There’s A Scientific Reason Why Some People Hate Coriander
I’ve got a secret I need to get off my chest, and it’s not one I’m proud of. In fact, I think the majority of you will judge me pretty harshly for what I’m about to say.
All I can ask is for you to hear me out while I come clean, and if you still want to judge me by the time you get to the end of this article then at least you’ve given me a fair shot – which is all I can ask, given the circumstances.
Okay, here goes: I don’t like coriander.
Actually, no. I don’t just dislike it. I despise it. I hate it so much that the thought of eating it makes me feel physically sick and I outwardly cringe whenever someone mentions it in passing.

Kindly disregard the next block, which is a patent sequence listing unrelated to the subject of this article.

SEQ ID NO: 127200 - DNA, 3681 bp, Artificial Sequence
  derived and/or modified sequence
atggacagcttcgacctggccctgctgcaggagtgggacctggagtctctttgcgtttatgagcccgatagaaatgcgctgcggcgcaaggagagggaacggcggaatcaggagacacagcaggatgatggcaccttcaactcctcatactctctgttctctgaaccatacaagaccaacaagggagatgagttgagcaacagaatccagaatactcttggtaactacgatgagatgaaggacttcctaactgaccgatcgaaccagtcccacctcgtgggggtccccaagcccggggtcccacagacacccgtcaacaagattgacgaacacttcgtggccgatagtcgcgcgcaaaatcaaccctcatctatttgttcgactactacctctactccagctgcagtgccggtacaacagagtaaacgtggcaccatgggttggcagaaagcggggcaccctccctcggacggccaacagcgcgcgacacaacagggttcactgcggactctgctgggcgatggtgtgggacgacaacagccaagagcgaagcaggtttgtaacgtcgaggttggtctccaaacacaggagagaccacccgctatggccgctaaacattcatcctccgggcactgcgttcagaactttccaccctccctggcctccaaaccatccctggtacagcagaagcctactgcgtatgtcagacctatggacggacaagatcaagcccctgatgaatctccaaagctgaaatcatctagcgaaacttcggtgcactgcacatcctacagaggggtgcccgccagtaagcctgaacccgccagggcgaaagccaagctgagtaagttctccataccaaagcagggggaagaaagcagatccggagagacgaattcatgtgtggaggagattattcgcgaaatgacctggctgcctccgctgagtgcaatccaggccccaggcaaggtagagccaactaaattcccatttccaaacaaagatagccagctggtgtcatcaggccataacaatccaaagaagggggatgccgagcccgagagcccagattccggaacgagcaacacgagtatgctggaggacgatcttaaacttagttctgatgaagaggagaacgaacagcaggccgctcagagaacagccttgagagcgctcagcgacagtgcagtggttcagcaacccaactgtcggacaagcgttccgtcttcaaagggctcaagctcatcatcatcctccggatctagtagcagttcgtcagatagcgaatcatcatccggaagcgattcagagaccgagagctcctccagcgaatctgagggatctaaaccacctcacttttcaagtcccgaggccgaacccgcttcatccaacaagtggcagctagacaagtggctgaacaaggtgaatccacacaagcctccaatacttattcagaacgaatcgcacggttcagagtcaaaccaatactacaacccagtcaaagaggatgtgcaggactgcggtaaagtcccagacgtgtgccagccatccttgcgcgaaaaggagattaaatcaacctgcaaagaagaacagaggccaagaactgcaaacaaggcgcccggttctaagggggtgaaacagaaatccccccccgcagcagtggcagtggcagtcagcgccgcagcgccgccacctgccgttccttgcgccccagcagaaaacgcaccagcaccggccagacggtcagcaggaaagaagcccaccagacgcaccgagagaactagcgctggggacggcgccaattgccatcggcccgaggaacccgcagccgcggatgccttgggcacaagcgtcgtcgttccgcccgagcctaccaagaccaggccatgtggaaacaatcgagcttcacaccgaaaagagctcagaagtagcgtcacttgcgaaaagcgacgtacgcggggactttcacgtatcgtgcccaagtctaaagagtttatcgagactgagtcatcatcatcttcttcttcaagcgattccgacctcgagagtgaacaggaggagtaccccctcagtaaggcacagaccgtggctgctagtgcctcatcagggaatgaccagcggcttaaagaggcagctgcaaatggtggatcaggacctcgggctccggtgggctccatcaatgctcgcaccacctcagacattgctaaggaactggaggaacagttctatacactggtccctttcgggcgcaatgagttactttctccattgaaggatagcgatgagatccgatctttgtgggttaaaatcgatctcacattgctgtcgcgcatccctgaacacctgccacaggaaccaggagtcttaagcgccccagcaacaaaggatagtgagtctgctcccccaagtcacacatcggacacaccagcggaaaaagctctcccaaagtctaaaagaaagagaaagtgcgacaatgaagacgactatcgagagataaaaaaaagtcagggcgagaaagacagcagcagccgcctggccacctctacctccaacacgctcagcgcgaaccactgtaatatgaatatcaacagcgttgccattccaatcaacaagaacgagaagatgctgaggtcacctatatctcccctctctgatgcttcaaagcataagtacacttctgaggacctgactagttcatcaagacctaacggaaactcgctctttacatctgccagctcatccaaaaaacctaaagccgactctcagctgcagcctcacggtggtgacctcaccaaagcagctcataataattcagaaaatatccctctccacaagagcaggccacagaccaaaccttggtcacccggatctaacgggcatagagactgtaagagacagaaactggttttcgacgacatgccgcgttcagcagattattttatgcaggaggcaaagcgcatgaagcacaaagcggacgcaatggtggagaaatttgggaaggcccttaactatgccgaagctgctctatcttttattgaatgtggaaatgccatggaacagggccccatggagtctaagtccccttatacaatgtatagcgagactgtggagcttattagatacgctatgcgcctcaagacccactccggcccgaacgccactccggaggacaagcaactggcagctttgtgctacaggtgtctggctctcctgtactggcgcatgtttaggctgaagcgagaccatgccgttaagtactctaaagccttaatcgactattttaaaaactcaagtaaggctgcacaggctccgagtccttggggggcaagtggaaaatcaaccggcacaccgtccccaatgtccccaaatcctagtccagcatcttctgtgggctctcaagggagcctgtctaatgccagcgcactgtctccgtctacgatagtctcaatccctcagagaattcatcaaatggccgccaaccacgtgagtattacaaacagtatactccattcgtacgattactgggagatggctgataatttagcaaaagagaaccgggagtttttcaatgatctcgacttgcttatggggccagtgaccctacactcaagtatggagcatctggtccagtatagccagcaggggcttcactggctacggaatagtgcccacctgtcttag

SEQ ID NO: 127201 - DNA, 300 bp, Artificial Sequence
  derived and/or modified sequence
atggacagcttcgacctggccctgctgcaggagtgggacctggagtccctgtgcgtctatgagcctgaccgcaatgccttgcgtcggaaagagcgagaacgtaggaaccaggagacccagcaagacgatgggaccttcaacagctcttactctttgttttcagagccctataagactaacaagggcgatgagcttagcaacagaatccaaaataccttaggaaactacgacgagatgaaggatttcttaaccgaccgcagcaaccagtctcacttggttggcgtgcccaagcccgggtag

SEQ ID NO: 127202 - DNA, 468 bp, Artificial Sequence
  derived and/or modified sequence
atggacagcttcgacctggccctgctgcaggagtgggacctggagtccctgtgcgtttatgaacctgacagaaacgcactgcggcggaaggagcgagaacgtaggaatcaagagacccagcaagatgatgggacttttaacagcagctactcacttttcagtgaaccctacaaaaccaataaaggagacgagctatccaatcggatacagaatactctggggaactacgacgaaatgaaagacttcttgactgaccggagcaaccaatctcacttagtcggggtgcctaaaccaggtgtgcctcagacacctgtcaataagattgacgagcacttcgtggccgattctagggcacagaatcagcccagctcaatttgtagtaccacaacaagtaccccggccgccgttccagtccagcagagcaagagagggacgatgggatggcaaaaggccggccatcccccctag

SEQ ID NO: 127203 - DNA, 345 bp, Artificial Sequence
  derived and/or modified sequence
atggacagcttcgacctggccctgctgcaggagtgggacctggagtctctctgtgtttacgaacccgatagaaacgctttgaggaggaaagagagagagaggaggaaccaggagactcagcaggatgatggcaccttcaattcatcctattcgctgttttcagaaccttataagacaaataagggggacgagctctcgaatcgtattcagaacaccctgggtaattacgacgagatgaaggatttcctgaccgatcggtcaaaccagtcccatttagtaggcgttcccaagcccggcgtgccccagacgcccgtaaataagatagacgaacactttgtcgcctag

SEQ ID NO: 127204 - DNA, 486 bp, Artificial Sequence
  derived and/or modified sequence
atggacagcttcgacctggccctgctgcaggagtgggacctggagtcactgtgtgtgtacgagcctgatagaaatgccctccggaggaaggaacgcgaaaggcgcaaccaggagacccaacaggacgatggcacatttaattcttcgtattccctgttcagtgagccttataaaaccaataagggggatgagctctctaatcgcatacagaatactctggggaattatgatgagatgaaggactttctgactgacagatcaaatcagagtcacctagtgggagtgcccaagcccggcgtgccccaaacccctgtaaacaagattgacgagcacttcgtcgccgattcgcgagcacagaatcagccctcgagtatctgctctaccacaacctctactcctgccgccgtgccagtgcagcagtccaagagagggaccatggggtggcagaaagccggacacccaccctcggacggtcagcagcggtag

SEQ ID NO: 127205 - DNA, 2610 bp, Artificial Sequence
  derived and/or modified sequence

Don’t ask me where this hatred comes from, because I don’t know. All I know is that, for years, I’d be eating a meal when all of a sudden an inexplicable taste of soap would fill my mouth and I’d be left wondering what the hell just happened.
As I’m not very culinary-minded, I’m ashamed to say it took me way longer than necessary to realise what the soapy taste was. Was the dishwasher faulty and throwing out parts of the capsules onto the plates? Was someone secretly spiking my food with soap? Who knew?
Once I asked around and realised what exactly was infesting my food though, you’d better believe I put a stop to it. And I’m happy to report that since going coriander free, I’ve only been outsmarted by the herb on a few occasions.
I’m still haunted by the one time I was on a health kick and decided to buy a salad from Marks & Spencer (other salad vendors are available) to treat myself. Having spent nearly my entire life savings on one tiny meal, I expected big things.